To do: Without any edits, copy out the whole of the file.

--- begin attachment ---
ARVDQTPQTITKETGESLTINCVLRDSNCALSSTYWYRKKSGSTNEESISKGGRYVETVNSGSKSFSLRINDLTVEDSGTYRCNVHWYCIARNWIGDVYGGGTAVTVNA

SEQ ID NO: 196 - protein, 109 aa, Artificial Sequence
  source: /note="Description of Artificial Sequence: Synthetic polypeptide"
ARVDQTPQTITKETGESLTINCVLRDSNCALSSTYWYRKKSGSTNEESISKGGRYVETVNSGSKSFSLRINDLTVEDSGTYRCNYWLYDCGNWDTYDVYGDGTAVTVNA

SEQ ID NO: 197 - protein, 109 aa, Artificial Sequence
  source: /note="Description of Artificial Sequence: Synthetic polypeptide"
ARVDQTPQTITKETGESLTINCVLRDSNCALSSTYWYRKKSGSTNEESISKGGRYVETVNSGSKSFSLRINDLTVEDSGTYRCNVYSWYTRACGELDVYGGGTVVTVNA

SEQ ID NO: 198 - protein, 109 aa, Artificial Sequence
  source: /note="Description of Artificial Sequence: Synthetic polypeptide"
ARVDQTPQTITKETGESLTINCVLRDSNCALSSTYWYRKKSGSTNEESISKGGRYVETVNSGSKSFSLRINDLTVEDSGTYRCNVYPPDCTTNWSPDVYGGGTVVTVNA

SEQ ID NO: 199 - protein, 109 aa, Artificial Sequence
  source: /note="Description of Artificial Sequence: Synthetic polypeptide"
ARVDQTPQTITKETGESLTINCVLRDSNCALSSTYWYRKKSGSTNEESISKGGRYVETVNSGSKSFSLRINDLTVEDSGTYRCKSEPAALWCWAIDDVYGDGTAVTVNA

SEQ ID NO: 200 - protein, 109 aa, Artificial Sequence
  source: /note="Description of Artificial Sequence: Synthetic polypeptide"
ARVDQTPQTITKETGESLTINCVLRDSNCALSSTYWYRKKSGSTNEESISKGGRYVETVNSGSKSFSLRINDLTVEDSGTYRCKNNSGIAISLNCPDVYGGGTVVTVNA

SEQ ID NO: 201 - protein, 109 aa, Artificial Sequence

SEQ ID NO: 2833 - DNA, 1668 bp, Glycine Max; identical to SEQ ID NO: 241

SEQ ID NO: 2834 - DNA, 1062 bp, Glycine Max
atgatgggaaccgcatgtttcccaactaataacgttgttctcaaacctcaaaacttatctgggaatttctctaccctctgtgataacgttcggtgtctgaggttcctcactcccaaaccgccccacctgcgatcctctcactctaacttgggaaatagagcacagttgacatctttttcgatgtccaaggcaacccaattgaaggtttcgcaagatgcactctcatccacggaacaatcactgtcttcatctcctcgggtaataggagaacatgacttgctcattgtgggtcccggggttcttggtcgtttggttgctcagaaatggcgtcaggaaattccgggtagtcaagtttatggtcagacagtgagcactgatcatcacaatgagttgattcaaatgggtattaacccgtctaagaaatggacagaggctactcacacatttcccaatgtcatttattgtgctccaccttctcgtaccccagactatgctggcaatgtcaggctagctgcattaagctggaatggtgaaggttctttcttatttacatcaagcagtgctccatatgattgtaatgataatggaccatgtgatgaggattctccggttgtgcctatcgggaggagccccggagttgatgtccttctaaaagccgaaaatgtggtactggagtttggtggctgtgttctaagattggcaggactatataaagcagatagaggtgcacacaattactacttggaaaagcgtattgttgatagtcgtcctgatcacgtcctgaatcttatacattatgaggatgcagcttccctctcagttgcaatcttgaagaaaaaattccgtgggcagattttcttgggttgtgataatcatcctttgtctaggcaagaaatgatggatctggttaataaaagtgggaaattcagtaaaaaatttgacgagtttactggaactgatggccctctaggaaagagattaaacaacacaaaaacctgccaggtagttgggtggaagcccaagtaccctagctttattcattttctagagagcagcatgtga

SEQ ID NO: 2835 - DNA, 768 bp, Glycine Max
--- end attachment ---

ARVDQTPQTITKETGESLTINCVLRDSNCALSSTYWYRKKSGSTNEESISKGGRYVETVNSGSKSFSLRINDLTVEDSGTYRCNVHWYCIARNWIGDVYGGGTAVTVNA

SEQ ID NO: 196 - protein, 109 aa, Artificial Sequence
  source: /note="Description of Artificial Sequence: Synthetic polypeptide"
ARVDQTPQTITKETGESLTINCVLRDSNCALSSTYWYRKKSGSTNEESISKGGRYVETVNSGSKSFSLRINDLTVEDSGTYRCNYWLYDCGNWDTYDVYGDGTAVTVNA

SEQ ID NO: 197 - protein, 109 aa, Artificial Sequence
  source: /note="Description of Artificial Sequence: Synthetic polypeptide"
ARVDQTPQTITKETGESLTINCVLRDSNCALSSTYWYRKKSGSTNEESISKGGRYVETVNSGSKSFSLRINDLTVEDSGTYRCNVYSWYTRACGELDVYGGGTVVTVNA

SEQ ID NO: 198 - protein, 109 aa, Artificial Sequence
  source: /note="Description of Artificial Sequence: Synthetic polypeptide"
ARVDQTPQTITKETGESLTINCVLRDSNCALSSTYWYRKKSGSTNEESISKGGRYVETVNSGSKSFSLRINDLTVEDSGTYRCNVYPPDCTTNWSPDVYGGGTVVTVNA

SEQ ID NO: 199 - protein, 109 aa, Artificial Sequence
  source: /note="Description of Artificial Sequence: Synthetic polypeptide"
ARVDQTPQTITKETGESLTINCVLRDSNCALSSTYWYRKKSGSTNEESISKGGRYVETVNSGSKSFSLRINDLTVEDSGTYRCKSEPAALWCWAIDDVYGDGTAVTVNA

SEQ ID NO: 200 - protein, 109 aa, Artificial Sequence
  source: /note="Description of Artificial Sequence: Synthetic polypeptide"
ARVDQTPQTITKETGESLTINCVLRDSNCALSSTYWYRKKSGSTNEESISKGGRYVETVNSGSKSFSLRINDLTVEDSGTYRCKNNSGIAISLNCPDVYGGGTVVTVNA

SEQ ID NO: 201 - protein, 109 aa, Artificial Sequence

SEQ ID NO: 2833 - DNA, 1668 bp, Glycine Max; identical to SEQ ID NO: 241

SEQ ID NO: 2834 - DNA, 1062 bp, Glycine Max
atgatgggaaccgcatgtttcccaactaataacgttgttctcaaacctcaaaacttatctgggaatttctctaccctctgtgataacgttcggtgtctgaggttcctcactcccaaaccgccccacctgcgatcctctcactctaacttgggaaatagagcacagttgacatctttttcgatgtccaaggcaacccaattgaaggtttcgcaagatgcactctcatccacggaacaatcactgtcttcatctcctcgggtaataggagaacatgacttgctcattgtgggtcccggggttcttggtcgtttggttgctcagaaatggcgtcaggaaattccgggtagtcaagtttatggtcagacagtgagcactgatcatcacaatgagttgattcaaatgggtattaacccgtctaagaaatggacagaggctactcacacatttcccaatgtcatttattgtgctccaccttctcgtaccccagactatgctggcaatgtcaggctagctgcattaagctggaatggtgaaggttctttcttatttacatcaagcagtgctccatatgattgtaatgataatggaccatgtgatgaggattctccggttgtgcctatcgggaggagccccggagttgatgtccttctaaaagccgaaaatgtggtactggagtttggtggctgtgttctaagattggcaggactatataaagcagatagaggtgcacacaattactacttggaaaagcgtattgttgatagtcgtcctgatcacgtcctgaatcttatacattatgaggatgcagcttccctctcagttgcaatcttgaagaaaaaattccgtgggcagattttcttgggttgtgataatcatcctttgtctaggcaagaaatgatggatctggttaataaaagtgggaaattcagtaaaaaatttgacgagtttactggaactgatggccctctaggaaagagattaaacaacacaaaaacctgccaggtagttgggtggaagcccaagtaccctagctttattcattttctagagagcagcatgtga

SEQ ID NO: 2835 - DNA, 768 bp, Glycine Max